How to spot signals of sexual abuse

Posted: Updated:
Dr.Nassar. 18 Jan. 2018 (Source: CBS News) Dr.Nassar. 18 Jan. 2018 (Source: CBS News)
PHOENIX (3TV/CBS 5) -

Victims of sexual abuse continue to speak out in the trial of former USA Olympian gymnastics team doctor Larry Nassar. This case raises big concerns for any parent, so Arizona's Family spoke with the owner of a local youth sports facility about precautions parents can take.

[RELATED:Larry Nassar's abuse victims, in their own words]

[RELATED:Larry Nassar accuses judge of running a 'media circus']

Rush Sports Performance training facility for young athletes in north Phoenix installed 24 security cameras, decided not to add any showers or locker rooms and have two adults on staff at all times. The goal is to create a safe environment for the kids and teens who come here.

"Unfortunately it’s not a shock anymore. We’ve heard so many stories of long time coaches abusing their position of authority and trust," said Ed Hisey, Rush Sports Performance owner and head coach.

With more than 100 victims sharing their stories of the sex abuse from Nassar, many people have been sounding off on our AZ Family Facebook live streams about the case.

[RELATED:Olympian Aly Raisman takes Nassar and USA Gymnastics to task in court]

Kathy Perry wrote, "How did this continue for so long? Did these girls know what he did was wrong at the time? Sounds like parents are to blame here for not educating their children."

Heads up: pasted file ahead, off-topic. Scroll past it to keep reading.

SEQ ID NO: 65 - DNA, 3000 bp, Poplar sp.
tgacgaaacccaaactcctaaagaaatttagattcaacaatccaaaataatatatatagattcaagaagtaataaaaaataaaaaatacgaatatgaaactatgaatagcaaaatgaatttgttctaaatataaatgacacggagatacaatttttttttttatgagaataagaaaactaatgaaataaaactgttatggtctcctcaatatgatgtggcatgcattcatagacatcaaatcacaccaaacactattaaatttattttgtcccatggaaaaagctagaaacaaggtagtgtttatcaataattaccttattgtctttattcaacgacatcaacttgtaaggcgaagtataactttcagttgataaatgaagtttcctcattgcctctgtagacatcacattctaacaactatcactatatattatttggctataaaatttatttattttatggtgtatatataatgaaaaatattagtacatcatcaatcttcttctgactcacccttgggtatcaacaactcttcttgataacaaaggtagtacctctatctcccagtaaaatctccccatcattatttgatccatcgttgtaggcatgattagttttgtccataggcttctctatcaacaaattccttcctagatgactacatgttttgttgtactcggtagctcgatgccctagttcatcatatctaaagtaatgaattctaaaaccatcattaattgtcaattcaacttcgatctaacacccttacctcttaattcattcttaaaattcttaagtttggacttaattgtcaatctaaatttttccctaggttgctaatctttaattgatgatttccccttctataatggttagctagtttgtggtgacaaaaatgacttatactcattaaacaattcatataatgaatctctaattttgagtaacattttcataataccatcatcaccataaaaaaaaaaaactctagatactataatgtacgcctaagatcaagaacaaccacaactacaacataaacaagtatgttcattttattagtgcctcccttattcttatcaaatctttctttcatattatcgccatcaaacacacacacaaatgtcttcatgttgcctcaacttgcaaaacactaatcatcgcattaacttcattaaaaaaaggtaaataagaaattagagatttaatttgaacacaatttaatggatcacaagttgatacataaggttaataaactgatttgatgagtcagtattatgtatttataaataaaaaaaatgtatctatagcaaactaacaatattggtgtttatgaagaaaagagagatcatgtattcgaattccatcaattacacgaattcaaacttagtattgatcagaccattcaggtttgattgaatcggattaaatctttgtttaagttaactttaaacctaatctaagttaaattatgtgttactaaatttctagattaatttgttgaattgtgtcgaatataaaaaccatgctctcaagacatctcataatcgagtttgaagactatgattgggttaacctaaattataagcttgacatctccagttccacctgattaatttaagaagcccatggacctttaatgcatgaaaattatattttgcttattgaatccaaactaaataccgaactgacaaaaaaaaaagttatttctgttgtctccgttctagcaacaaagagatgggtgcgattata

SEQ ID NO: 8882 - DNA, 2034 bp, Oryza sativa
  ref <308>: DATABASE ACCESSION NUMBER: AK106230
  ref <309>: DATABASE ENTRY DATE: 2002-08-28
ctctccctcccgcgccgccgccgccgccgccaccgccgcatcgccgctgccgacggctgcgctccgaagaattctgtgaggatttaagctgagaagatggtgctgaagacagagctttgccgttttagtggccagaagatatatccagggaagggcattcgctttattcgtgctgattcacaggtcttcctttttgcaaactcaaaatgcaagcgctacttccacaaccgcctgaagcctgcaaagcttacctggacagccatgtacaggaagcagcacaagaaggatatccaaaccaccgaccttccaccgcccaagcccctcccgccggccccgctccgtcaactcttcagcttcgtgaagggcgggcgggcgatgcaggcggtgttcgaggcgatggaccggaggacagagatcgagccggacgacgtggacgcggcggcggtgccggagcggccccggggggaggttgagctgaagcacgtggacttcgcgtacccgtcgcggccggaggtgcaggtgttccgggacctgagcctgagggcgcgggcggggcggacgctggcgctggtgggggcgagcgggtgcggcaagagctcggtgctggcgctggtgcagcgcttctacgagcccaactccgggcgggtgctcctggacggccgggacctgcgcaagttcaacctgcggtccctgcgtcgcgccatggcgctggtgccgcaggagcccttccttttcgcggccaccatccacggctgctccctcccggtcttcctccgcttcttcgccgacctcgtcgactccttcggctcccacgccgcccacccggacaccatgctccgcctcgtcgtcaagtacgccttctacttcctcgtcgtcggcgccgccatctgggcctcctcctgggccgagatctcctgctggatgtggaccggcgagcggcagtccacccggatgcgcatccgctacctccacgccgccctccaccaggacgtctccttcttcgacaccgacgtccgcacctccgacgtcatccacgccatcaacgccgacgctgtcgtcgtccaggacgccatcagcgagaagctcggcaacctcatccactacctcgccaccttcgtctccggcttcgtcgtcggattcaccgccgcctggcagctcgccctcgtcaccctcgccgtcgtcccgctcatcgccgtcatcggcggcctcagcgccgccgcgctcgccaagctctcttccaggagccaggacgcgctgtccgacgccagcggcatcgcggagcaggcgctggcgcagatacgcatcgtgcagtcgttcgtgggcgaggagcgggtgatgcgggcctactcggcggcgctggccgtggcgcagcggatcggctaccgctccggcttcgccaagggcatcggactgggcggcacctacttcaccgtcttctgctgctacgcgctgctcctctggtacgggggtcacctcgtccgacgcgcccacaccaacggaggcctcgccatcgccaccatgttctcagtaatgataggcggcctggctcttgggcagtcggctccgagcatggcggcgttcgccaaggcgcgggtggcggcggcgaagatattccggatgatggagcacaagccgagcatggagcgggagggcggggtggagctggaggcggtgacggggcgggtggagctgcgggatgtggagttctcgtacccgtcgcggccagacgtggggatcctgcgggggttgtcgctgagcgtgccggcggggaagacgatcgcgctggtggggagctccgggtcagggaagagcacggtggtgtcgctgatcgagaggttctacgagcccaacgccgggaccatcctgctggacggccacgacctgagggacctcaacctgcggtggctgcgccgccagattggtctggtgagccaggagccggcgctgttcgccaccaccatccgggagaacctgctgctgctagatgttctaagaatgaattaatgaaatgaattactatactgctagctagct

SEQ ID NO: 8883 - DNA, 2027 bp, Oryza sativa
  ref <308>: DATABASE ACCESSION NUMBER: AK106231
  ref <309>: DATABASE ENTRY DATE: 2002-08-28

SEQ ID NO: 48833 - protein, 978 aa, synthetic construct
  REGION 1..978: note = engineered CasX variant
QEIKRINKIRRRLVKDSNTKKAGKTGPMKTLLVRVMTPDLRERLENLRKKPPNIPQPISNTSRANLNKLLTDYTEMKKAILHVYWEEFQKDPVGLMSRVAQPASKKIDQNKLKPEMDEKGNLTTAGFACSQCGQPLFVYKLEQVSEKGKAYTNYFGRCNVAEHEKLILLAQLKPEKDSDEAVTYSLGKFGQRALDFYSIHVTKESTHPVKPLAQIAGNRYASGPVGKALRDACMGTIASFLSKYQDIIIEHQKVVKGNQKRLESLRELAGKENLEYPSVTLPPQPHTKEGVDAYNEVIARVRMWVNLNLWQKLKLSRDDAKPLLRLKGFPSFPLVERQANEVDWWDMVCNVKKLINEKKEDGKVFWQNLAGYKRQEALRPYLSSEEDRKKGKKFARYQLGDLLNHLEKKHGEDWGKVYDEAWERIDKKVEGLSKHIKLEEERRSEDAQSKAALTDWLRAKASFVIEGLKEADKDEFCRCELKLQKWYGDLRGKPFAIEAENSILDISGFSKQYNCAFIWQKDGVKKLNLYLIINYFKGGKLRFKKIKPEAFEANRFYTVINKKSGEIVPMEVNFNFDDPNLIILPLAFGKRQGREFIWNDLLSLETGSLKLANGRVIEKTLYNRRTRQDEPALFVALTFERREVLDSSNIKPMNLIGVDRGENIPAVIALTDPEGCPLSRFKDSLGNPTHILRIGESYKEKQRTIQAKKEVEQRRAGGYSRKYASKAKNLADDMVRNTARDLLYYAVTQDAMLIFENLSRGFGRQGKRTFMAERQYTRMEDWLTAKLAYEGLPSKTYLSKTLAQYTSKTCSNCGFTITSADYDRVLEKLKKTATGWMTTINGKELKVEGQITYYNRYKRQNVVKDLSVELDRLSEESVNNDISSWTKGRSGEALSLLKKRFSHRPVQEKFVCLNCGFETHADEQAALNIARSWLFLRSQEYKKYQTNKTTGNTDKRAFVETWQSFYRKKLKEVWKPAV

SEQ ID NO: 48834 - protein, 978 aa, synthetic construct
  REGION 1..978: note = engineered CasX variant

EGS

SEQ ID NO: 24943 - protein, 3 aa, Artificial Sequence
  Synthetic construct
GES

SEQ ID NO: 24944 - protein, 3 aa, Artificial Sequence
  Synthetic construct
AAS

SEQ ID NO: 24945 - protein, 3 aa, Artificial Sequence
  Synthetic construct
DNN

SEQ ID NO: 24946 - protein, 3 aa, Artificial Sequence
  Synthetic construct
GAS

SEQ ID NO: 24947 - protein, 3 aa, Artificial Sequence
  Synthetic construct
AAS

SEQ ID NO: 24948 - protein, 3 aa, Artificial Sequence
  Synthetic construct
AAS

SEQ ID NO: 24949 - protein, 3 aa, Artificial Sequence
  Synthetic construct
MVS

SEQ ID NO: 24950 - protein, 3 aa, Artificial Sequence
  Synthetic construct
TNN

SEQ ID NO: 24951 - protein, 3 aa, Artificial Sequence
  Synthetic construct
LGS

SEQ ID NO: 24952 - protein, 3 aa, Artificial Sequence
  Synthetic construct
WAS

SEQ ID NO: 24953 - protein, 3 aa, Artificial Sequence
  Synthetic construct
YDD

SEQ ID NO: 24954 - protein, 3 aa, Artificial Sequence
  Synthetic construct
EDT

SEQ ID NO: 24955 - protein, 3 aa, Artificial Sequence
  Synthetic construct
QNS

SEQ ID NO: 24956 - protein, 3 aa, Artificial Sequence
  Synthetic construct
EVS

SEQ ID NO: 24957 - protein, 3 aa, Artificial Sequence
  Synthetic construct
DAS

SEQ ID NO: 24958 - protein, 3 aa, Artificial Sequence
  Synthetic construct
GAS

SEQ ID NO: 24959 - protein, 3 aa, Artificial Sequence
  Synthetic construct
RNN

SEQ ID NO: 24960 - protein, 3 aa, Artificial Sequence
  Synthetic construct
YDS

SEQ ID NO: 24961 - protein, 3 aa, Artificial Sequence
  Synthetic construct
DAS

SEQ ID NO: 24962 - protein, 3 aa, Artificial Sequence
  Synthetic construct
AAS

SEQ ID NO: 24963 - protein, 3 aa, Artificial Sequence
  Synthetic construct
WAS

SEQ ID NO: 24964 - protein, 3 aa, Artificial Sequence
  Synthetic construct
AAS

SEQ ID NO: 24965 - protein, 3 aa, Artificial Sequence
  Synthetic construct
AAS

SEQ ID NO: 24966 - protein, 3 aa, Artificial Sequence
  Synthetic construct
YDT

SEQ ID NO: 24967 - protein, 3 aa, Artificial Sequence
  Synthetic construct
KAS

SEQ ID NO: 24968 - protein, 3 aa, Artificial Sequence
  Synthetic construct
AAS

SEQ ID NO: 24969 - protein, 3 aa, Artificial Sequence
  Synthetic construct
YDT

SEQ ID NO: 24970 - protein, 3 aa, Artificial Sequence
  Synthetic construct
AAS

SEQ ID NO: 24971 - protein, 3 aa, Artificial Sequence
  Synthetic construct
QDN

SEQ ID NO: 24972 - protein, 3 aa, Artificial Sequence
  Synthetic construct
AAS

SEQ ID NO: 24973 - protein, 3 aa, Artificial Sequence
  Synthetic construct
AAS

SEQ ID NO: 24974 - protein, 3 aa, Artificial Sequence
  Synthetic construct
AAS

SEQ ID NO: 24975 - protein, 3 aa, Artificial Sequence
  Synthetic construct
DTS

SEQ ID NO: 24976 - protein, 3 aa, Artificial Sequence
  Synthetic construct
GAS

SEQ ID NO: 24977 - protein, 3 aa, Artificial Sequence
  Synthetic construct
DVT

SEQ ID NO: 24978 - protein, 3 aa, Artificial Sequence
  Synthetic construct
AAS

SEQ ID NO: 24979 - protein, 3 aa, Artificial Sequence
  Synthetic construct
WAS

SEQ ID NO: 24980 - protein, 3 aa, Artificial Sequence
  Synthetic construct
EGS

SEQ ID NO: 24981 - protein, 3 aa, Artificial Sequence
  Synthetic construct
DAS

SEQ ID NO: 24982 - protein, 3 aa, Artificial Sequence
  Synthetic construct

Hisey, who is a father himself, offers advice to other parents, "I think it’s important that parents stay involved. They need to stay at practice. If a coach is asking them to stay later and there’s nobody there, that’s a major red flag."

He stresses parents keep open communication about inappropriate innuendos and touching, and look for changes in their kids’ behavior, dress and academics.

"If you have a child that’s normally outgoing, very social and suddenly they become withdrawn, maybe they’re spending more time in their bedroom, they don’t like to talk to strangers, they’re not interacting with their friends, that’s normally a sign of guilt or shame or possibly even fear," said Hisey.

Parents should also take the time to get to know their coaches, physical therapists and doctors. 

"As a bare minimum, they should be going through a background check. They should be vetted before they’re allowed to be a coach. As a parent, you have every right to ask to see that background check," said Hisey.

For more information on the signs of child sexual abuse, go to Childhelp of Arizona.

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